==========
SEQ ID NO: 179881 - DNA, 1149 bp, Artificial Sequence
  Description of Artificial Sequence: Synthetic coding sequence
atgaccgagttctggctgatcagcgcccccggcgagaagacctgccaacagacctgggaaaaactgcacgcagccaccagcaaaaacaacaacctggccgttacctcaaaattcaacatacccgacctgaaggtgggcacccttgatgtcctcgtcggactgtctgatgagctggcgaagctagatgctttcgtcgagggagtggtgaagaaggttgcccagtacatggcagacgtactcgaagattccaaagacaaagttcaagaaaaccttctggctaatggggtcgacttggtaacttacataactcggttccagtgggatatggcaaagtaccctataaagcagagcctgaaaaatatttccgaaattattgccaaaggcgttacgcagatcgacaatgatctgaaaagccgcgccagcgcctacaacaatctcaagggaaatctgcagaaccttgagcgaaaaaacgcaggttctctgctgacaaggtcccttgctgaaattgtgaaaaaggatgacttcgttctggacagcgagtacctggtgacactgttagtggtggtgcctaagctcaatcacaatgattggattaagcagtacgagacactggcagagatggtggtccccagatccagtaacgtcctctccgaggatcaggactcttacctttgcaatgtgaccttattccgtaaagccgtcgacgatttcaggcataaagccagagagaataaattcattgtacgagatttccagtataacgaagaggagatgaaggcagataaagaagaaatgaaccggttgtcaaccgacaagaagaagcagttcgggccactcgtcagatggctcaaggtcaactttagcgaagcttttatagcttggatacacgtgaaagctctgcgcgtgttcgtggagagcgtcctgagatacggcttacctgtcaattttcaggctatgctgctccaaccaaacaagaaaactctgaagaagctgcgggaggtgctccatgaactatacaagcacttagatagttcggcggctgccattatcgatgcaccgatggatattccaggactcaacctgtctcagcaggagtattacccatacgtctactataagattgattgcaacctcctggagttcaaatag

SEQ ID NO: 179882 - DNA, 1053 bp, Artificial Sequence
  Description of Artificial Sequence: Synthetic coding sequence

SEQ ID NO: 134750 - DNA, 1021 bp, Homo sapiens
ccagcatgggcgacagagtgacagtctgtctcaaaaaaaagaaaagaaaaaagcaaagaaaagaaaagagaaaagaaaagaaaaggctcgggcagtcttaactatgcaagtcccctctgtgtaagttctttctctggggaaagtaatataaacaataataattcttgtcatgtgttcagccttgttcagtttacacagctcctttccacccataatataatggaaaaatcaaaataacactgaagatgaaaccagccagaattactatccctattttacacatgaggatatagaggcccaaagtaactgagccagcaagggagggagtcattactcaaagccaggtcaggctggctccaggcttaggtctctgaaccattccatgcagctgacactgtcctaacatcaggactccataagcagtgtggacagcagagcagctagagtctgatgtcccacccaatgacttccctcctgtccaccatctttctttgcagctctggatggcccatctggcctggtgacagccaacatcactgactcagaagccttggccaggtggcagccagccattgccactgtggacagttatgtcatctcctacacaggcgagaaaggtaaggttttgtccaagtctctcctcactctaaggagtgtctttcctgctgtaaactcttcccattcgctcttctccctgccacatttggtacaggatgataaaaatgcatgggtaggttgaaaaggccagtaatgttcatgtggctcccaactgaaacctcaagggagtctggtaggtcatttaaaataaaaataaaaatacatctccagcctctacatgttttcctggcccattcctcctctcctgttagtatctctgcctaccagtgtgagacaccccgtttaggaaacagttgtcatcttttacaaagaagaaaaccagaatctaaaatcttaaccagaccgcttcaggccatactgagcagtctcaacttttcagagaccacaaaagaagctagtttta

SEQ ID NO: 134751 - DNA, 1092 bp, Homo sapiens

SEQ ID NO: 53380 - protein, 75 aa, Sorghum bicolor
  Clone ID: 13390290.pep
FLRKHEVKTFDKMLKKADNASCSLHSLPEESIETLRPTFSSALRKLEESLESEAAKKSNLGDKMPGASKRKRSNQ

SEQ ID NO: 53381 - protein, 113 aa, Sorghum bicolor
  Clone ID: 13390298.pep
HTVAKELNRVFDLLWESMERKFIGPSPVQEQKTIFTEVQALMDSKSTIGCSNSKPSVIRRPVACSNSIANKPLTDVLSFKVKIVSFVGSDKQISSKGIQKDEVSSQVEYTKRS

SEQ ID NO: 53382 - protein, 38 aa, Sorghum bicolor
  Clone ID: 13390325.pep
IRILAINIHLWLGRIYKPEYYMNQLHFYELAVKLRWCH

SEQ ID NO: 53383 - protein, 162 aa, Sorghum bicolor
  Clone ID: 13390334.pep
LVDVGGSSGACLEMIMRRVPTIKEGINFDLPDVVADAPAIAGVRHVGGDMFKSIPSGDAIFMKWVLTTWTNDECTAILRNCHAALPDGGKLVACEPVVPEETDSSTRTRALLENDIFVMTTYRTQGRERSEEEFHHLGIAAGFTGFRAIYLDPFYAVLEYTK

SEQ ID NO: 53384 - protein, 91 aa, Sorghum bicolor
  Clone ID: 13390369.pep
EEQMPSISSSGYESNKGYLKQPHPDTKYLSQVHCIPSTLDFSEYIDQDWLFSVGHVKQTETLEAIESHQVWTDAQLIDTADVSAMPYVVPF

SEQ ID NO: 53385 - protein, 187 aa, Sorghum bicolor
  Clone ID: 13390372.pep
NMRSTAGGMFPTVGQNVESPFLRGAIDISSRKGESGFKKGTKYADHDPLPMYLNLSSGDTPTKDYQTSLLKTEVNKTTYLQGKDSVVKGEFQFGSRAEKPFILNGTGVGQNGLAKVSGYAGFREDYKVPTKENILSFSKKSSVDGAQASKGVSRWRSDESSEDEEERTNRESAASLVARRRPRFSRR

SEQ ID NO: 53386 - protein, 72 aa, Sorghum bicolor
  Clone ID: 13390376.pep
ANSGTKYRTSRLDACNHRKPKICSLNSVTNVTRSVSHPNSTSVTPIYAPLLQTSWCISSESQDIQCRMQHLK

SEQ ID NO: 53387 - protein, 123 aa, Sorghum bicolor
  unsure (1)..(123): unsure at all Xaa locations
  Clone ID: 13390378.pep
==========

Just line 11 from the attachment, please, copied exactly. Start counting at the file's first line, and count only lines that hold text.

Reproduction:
FLRKHEVKTFDKMLKKADNASCSLHSLPEESIETLRPTFSSALRKLEESLESEAAKKSNLGDKMPGASKRKRSNQ